In a recent study conducted by the Department of Psychological Affairs, it was determined that the amount of Facebook likes one receives in a day is inversely correlated to one’s real-life likability.

The study polled 3,000 Facebook users- all from varying socioeconomic statuses, ethnic and religious backgrounds– and found that the more popular the users were online, the more they were disliked in the real world.

Susan Sullivan of Plainview, New Hampshire, found this news particularly uplifting, as she has been liked a total of two times since opening her Facebook account some six years ago. “In all the years that I’ve had Facebook, I’ve been liked only twice. And those likes were mine.” She said that despite posting on a near regular basis things which she deemed ‘of cultural or intellectual interest,’ she never received any feedback. This lack of positive reinforcement began to take a toll on her a couple months back, as she noticed her self-esteem plummeting. She was considering therapy just days before the Department’s article was released.

“I feel such relief now, knowing that my popularity is not based on Facebook acceptance. It has opened up a world of opportunities for me, and I now feel so transformed. My self-worth is immeasurable!”

Unfortunately, the news comes as a deep blow to others. After reading the article, Kylie Devoe of Long Beach, California went into hiding. A tall, beautiful blonde known for her vivaciousness and voluptuousness, Kylie was never a stranger to Facebook likes. In fact, Kylie said that on average, she receives 112 likes for every single Facebook post.

When asked what her posts typically consist of, Kylie said she likes to share “whatever comes to mind,” namely, pictures of babies, boobs and small animals. Her popularity was so evident online, she was never given a reason to suspect that in the real world, people had a different perception of her.

As it turns out, in real life, people find Kylie to be terrible. When her colleagues/neighbors/former roommates/best friend/Mother were interviewed for this article, the consensus among them was astounding. “Kylie is the worst,” quoted Kylie’s Mother. “She is seriously terrible,” she went on to say.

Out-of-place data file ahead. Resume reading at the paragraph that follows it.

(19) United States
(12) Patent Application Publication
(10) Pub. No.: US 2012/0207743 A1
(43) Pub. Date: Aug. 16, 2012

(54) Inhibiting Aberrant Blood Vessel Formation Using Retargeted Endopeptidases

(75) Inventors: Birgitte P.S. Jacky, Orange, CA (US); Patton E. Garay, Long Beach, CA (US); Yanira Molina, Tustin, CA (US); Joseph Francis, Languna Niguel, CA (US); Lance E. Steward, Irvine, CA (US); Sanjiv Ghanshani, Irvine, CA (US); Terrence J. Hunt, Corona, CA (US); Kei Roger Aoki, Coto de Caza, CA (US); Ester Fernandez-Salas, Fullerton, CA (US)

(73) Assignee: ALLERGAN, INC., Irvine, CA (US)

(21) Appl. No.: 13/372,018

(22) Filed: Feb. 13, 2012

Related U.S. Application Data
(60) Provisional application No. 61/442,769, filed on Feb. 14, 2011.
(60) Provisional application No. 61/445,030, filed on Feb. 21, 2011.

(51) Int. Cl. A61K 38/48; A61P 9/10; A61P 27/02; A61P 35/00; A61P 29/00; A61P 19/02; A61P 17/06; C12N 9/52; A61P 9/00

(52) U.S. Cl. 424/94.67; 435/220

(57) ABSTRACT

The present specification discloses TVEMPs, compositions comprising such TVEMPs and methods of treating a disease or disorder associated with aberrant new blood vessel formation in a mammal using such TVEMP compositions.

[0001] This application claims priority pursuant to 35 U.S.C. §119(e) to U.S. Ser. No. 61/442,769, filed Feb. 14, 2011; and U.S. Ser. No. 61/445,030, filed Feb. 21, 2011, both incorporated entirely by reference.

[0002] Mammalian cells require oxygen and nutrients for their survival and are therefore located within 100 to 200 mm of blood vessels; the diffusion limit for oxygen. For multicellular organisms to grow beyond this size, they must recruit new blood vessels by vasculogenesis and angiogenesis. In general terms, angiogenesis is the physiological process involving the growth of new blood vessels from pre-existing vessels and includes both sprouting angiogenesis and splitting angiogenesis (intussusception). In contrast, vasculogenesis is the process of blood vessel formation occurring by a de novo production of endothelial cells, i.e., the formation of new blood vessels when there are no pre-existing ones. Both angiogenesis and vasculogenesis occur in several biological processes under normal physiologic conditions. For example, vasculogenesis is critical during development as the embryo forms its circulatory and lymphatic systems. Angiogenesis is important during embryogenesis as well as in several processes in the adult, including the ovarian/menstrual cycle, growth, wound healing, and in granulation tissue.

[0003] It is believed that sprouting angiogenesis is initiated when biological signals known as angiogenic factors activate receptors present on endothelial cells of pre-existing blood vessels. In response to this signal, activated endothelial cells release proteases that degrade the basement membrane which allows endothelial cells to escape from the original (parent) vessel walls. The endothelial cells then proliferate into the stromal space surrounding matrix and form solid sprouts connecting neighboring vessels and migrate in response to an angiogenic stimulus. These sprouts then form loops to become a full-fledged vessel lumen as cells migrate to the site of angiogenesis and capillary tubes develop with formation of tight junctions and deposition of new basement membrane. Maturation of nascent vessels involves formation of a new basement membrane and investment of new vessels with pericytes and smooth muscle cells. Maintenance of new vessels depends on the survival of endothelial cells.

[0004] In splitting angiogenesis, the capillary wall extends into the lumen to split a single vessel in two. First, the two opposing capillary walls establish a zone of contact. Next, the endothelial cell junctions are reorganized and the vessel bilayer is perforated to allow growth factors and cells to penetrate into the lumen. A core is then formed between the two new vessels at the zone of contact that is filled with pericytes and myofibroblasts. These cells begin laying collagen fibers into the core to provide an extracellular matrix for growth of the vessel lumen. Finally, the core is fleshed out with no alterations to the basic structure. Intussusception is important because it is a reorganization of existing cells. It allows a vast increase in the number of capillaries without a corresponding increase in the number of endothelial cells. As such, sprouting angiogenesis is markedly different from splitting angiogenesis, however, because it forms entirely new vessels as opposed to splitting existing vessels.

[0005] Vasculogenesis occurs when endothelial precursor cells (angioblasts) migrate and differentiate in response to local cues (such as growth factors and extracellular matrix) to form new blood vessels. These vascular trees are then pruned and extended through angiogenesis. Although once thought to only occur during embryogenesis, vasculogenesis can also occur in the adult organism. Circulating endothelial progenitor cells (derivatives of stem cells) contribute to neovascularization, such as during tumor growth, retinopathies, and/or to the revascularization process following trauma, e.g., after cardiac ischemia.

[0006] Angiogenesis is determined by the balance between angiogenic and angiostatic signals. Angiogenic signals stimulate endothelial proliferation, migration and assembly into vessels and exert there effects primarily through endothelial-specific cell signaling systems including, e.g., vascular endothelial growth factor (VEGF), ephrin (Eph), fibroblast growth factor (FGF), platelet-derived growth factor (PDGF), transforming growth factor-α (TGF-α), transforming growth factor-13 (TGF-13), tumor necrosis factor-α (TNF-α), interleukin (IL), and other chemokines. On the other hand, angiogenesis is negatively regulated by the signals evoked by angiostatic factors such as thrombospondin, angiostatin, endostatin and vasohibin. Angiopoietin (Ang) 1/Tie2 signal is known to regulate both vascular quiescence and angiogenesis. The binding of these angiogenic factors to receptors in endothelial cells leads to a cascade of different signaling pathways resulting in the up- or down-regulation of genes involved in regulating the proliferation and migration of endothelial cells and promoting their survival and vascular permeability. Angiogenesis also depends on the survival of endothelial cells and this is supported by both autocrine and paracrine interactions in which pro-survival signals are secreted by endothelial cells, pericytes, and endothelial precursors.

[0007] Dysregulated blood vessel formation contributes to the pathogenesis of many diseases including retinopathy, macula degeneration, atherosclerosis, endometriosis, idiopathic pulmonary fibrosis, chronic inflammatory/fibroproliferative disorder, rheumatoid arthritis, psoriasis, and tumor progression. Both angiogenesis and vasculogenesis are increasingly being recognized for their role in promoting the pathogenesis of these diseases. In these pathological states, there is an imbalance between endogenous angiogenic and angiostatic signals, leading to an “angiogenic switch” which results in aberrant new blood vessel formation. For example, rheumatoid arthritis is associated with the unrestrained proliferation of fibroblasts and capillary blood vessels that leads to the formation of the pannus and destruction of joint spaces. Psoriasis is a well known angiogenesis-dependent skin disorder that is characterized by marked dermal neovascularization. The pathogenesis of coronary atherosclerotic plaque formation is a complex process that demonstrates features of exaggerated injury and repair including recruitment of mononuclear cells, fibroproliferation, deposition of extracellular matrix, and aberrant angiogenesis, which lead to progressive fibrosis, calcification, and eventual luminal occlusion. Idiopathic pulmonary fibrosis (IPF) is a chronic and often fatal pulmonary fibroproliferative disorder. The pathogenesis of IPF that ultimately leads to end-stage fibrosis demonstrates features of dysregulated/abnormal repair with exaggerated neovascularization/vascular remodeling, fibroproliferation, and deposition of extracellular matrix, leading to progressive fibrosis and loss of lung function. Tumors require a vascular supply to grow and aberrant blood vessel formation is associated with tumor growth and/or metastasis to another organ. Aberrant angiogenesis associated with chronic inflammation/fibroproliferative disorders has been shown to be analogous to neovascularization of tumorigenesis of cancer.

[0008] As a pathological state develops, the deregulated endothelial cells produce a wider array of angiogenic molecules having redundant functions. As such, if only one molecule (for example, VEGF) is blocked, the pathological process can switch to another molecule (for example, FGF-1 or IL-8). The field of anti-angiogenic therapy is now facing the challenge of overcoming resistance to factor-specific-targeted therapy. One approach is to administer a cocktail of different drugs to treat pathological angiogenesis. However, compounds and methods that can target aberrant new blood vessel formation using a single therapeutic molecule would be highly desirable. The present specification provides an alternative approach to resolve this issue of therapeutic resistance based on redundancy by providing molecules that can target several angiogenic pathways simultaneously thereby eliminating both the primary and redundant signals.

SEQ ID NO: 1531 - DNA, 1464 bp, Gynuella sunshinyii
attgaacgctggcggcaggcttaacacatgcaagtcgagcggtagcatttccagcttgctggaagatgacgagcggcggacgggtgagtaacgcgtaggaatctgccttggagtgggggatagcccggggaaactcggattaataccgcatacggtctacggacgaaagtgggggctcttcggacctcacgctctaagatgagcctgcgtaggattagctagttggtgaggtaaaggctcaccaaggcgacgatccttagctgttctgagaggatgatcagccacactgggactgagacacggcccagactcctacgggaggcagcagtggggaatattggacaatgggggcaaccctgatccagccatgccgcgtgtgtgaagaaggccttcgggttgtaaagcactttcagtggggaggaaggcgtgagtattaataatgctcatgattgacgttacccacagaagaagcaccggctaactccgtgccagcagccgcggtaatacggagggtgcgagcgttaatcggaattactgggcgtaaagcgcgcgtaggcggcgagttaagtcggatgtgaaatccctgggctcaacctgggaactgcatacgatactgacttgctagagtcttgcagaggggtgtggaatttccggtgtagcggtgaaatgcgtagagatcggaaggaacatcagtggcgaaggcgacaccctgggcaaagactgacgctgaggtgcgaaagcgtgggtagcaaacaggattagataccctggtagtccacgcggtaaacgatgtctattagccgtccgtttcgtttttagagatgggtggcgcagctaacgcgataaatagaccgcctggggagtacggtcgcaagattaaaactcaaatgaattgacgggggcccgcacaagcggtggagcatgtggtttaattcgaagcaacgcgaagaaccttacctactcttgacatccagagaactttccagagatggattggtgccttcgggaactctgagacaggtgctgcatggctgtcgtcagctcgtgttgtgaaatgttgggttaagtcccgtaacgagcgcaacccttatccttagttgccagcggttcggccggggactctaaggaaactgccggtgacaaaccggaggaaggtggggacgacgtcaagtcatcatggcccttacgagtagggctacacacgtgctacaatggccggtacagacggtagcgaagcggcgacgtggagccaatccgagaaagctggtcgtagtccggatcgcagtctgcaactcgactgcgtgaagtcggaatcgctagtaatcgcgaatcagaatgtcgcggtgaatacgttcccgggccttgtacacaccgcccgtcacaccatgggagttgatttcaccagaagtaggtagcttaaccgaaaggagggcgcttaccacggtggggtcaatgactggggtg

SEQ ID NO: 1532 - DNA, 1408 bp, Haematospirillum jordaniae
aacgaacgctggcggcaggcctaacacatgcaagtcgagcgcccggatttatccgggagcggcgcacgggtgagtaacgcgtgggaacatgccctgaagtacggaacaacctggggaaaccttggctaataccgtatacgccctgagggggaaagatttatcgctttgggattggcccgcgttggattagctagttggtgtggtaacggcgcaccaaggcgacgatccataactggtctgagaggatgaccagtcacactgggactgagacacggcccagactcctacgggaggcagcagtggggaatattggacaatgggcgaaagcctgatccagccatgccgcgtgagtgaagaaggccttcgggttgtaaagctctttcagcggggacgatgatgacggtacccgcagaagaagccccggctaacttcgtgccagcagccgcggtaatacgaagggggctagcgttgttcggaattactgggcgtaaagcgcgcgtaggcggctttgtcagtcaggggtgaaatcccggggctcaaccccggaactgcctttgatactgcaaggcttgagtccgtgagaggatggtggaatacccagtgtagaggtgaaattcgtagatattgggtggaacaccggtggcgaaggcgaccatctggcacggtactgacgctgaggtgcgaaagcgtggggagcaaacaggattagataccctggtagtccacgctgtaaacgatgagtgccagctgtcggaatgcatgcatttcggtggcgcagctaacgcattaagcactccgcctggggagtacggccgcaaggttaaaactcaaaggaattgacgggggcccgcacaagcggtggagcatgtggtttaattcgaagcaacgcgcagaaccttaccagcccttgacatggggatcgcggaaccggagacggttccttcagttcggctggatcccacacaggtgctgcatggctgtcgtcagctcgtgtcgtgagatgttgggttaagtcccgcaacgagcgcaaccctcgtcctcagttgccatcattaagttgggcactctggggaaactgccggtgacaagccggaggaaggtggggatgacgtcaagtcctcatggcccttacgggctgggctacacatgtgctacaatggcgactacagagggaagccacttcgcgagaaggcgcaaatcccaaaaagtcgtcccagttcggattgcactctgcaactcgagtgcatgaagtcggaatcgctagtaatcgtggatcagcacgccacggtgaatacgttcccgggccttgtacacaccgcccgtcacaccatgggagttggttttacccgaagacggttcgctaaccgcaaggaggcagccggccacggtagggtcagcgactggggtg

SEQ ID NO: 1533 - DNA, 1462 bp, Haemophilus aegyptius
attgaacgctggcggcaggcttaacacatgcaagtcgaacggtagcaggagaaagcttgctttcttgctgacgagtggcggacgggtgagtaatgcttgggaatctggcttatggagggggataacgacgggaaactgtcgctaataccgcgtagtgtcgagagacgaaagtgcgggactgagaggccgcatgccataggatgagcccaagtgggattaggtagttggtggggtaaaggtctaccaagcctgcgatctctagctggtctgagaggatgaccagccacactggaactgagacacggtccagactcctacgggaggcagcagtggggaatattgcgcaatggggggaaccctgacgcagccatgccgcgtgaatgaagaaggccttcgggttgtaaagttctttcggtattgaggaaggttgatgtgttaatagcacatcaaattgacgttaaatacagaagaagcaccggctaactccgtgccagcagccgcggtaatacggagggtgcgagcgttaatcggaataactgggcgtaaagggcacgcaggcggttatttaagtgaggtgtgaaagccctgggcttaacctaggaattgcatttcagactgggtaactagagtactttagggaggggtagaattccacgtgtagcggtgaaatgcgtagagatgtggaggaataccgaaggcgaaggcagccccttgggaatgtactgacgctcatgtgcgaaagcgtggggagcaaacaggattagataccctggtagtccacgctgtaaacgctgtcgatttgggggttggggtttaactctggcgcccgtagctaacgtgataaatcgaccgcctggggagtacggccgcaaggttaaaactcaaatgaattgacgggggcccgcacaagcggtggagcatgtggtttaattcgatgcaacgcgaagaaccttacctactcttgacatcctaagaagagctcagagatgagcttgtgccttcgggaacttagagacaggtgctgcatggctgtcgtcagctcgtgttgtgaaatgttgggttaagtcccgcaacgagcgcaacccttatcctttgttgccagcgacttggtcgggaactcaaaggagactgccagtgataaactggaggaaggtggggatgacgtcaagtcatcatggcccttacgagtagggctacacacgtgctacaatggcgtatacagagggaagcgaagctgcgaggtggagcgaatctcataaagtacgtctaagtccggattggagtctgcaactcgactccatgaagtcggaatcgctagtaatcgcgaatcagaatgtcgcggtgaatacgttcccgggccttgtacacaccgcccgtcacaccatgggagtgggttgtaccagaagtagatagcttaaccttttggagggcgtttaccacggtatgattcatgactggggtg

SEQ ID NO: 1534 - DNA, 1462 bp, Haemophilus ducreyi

After learning that Kylie was disliked in real life, Kylie has gone silent. She still posts on Facebook , but she no longer makes conversation in real life. When we contacted her for further comment, she refused to answer our calls.

Since having published the article, the Department of Psychological Affairs has seen an outcry of both support and condemnation from readers. While the disliked Facebookers are able to celebrate their victory as having ‘made it’ in the real world, popular Facebook ‘celebrities’ are crying about this highly publicized blow to their ego.


2 thoughts on “Why Not Being Liked On Facebook Doesn’t Necessarily Mean You’re Hated In Real Life.

    1. Dear Mr. Presently Scared of Social Feedback,

      I’m with you.

      The good thing is, the more inconsistent your likes are, the greater of a variable you become. With highly variable results, it’s impossible to draw any real conclusions. You’ll just have to rely on old-fashioned intuition to determine your popularity! From personal experience, I suggest using this test:

      When you walk into a room, do people immediately leave, or continue to hang around? That’ll tell you all you need to know.

      Thanks for writing! And remember: you are somebody to me!!!


      Tall, Dark and Ransom

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